Heartstrings Interview

University of Portland – KDUP’s Interview with Gregory Alan Isakov

Article/Interview by Arran Fagan (KDUP), Photo by Lauren Jahoda

There’s no doubt that come Wednesday, February 18, Gregory Alan Isakov and his band of talented musicians will be playing a sold out show at the Wonder Ballroom in Portland, Oregon. During my recent interview with Gregory, I felt a true sense of who Gregory was as a person. He was easy to talk to, kind hearted, modest, funny, and truly genuine. His music is a sonic scape of folk music. Surrounding himself with brilliant and professional musicians, his live performances are a true emotional, intellectual, philosophical and spiritual experience.

Gregory makes his music available to his audience, in every sense of the word. His sound and words are an open invitation, as he masterfully crafts his melodies and lyrics to create feelings on many different planes, and yet relatable to anyone. Gregory doesn’t create fast songs and he doesn’t throw his lyrics or ideas in your face. He brilliantly builds each song slowly, sonically and meticulously. In his words “This kind of music that happens to me is sort of like a ride. As if someone is getting on a ride, you start in the beginning and it sort of clicks up the track, you can’t see the next turn, and you end up somewhere different. Sometimes for me, songs are like that, because it is not going to repeat a specific point. I mean sometimes it does and it really works, the whole verse/chorus/verse/chorus thing. I have tried that out too, but the most natural way for me to write ends up not being that way, and I don’t know why that is.”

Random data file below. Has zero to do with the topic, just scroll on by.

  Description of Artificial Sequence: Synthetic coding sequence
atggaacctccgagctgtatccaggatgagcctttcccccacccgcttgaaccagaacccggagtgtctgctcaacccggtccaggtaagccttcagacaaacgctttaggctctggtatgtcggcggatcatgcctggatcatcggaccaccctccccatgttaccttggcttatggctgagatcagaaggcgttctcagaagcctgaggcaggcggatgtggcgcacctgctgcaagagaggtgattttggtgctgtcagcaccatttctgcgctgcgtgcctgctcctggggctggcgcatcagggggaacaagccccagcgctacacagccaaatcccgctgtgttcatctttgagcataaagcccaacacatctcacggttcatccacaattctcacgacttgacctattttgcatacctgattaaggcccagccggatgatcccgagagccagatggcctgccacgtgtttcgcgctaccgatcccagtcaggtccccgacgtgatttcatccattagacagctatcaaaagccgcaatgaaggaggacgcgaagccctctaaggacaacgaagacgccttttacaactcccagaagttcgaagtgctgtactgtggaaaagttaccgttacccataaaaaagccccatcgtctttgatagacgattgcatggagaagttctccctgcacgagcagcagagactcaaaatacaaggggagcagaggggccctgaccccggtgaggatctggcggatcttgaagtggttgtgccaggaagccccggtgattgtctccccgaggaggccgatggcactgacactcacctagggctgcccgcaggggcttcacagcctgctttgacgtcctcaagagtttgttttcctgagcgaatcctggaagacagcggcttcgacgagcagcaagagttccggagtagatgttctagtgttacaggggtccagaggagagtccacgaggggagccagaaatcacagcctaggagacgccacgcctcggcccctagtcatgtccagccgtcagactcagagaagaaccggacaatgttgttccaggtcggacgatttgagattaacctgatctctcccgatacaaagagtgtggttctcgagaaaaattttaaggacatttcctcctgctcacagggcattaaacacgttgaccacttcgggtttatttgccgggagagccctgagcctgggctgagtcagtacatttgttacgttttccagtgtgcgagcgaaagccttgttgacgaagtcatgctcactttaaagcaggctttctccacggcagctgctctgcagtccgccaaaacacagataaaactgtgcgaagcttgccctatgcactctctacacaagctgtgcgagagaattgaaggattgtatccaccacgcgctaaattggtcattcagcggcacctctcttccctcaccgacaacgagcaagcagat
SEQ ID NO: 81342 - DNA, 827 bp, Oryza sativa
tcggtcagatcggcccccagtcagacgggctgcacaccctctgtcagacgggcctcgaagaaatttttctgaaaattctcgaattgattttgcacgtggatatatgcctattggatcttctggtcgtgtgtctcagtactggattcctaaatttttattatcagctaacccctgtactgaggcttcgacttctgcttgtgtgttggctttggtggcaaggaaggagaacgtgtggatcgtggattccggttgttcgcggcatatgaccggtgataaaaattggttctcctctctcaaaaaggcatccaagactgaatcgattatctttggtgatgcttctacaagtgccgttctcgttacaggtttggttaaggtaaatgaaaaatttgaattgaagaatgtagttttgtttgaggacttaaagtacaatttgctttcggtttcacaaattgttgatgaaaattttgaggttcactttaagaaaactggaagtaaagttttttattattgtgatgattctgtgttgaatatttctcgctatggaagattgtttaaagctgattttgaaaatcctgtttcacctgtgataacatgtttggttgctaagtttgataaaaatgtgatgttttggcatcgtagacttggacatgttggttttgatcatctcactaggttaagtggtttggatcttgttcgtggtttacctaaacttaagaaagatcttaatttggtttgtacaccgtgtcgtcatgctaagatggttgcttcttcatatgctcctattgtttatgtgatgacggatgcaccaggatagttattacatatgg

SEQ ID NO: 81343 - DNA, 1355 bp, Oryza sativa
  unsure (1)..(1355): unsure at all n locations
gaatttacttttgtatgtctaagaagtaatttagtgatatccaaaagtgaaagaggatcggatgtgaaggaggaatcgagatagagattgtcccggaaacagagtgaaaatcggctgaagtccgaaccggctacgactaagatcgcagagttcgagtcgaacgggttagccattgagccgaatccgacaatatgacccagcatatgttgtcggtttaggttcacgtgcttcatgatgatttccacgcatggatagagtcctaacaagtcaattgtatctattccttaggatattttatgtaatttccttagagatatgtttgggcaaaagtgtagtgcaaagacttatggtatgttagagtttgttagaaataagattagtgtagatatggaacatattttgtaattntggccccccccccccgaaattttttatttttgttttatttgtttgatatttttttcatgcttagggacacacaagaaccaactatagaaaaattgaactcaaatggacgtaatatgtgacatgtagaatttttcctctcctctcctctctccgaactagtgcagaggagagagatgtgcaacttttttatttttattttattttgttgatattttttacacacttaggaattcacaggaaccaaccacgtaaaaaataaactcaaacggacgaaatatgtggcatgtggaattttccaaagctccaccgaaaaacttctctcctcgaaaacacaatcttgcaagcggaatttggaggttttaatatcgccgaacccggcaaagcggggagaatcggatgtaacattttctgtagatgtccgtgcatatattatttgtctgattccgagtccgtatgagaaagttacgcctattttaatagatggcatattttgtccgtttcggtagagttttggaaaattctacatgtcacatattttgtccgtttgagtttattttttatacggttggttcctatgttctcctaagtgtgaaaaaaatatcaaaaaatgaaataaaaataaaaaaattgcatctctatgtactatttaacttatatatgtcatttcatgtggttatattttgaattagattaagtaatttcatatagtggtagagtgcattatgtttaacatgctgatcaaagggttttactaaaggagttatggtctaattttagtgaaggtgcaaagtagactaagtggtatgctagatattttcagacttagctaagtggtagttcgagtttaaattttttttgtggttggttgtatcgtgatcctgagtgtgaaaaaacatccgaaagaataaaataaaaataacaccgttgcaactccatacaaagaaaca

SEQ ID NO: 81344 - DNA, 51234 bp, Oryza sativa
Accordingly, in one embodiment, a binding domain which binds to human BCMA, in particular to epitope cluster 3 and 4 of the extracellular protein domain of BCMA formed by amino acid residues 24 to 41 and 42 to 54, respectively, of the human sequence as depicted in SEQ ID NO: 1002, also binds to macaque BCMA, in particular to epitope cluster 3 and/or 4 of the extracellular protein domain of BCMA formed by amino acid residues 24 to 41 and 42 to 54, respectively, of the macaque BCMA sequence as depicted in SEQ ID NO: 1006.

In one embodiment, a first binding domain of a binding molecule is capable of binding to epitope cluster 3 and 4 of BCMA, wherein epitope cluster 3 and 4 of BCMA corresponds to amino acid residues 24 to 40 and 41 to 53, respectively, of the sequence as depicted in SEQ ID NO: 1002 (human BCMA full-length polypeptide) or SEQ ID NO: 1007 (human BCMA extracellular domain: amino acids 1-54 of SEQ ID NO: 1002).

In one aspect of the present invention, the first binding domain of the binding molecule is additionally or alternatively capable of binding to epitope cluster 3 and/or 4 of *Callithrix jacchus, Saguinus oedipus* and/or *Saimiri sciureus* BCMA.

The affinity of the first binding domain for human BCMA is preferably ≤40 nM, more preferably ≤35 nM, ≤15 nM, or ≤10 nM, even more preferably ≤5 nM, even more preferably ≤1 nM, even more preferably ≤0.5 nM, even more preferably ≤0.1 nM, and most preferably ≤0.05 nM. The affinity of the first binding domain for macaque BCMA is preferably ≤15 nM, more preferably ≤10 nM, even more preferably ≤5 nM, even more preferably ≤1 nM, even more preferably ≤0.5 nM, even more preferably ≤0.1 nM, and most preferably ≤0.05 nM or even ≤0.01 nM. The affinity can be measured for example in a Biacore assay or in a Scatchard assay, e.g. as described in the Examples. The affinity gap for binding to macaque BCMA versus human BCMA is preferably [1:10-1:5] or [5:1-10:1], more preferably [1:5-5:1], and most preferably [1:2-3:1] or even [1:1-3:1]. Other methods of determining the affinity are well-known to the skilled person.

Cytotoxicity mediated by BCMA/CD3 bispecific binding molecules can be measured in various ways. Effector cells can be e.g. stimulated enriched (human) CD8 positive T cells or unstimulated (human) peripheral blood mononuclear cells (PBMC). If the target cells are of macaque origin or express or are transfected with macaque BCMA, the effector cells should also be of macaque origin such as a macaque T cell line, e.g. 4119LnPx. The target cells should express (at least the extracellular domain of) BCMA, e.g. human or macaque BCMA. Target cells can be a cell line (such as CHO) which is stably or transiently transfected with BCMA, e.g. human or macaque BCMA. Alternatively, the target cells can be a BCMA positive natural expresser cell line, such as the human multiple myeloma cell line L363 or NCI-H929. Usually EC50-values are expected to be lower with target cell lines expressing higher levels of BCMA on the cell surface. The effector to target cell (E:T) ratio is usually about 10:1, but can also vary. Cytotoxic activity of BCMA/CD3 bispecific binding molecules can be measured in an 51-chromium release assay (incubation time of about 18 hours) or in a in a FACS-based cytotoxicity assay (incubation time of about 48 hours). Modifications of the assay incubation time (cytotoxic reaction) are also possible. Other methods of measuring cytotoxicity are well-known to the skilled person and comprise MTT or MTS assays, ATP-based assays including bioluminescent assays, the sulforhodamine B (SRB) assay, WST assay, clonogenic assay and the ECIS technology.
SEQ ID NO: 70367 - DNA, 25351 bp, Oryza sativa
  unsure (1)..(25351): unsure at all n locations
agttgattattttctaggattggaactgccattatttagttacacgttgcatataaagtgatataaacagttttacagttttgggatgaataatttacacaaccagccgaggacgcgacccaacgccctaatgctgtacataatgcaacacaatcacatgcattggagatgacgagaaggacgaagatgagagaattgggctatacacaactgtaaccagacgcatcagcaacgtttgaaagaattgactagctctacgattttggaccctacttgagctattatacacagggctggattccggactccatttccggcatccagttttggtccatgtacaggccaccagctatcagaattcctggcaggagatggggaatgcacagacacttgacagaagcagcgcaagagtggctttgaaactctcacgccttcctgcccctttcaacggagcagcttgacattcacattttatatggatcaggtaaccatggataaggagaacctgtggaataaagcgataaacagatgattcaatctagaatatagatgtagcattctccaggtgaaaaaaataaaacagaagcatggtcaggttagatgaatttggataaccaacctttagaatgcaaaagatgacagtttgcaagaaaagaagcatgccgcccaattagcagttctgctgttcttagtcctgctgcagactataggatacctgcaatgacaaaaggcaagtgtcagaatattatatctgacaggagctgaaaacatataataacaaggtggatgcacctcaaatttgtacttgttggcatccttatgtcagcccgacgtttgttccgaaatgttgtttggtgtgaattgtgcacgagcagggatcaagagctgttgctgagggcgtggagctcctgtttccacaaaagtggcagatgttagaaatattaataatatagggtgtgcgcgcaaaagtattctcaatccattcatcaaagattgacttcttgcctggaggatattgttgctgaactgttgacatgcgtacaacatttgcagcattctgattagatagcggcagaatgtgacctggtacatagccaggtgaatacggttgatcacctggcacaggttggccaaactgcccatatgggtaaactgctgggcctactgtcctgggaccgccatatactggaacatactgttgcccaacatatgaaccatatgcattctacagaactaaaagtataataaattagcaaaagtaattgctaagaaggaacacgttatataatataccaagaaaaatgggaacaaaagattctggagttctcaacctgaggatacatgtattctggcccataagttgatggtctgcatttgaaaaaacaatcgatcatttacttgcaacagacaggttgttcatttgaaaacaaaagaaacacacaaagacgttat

While setting up to do a phone interview with Gregory, I was having a rough day, a day where little things continued to keep going wrong. Just two minutes before our scheduled phone call, after setting up the sound equipment, testing it out, and testing it for a second and third time, the recording mic and my garage band software stopped working. I frantically started unplugging the USB mic, restarting my software and reconnecting the mic to the computer in a desperate attempt to not kill my chance at recording the interview. It was time to call Gregory, and although I hadn’t fixed my software I hoped the day would turn up and with Gregory at the other end of the call, it certainly did.

Gregory greeted me and patiently waited for me to get my act together and fix the software. He had no sense of urgency, as we chatted a bit. He explained that he was in the middle of insulating his barn after getting back from a string of shows with Leif Vollebekk. The topic of conversation moved to Newport Folk Festival, where I had seen Gregory and Leif perform separately on a very rainy day this past summer. Just like magic of that happens at Newport each year, the software and mic suddenly began to work.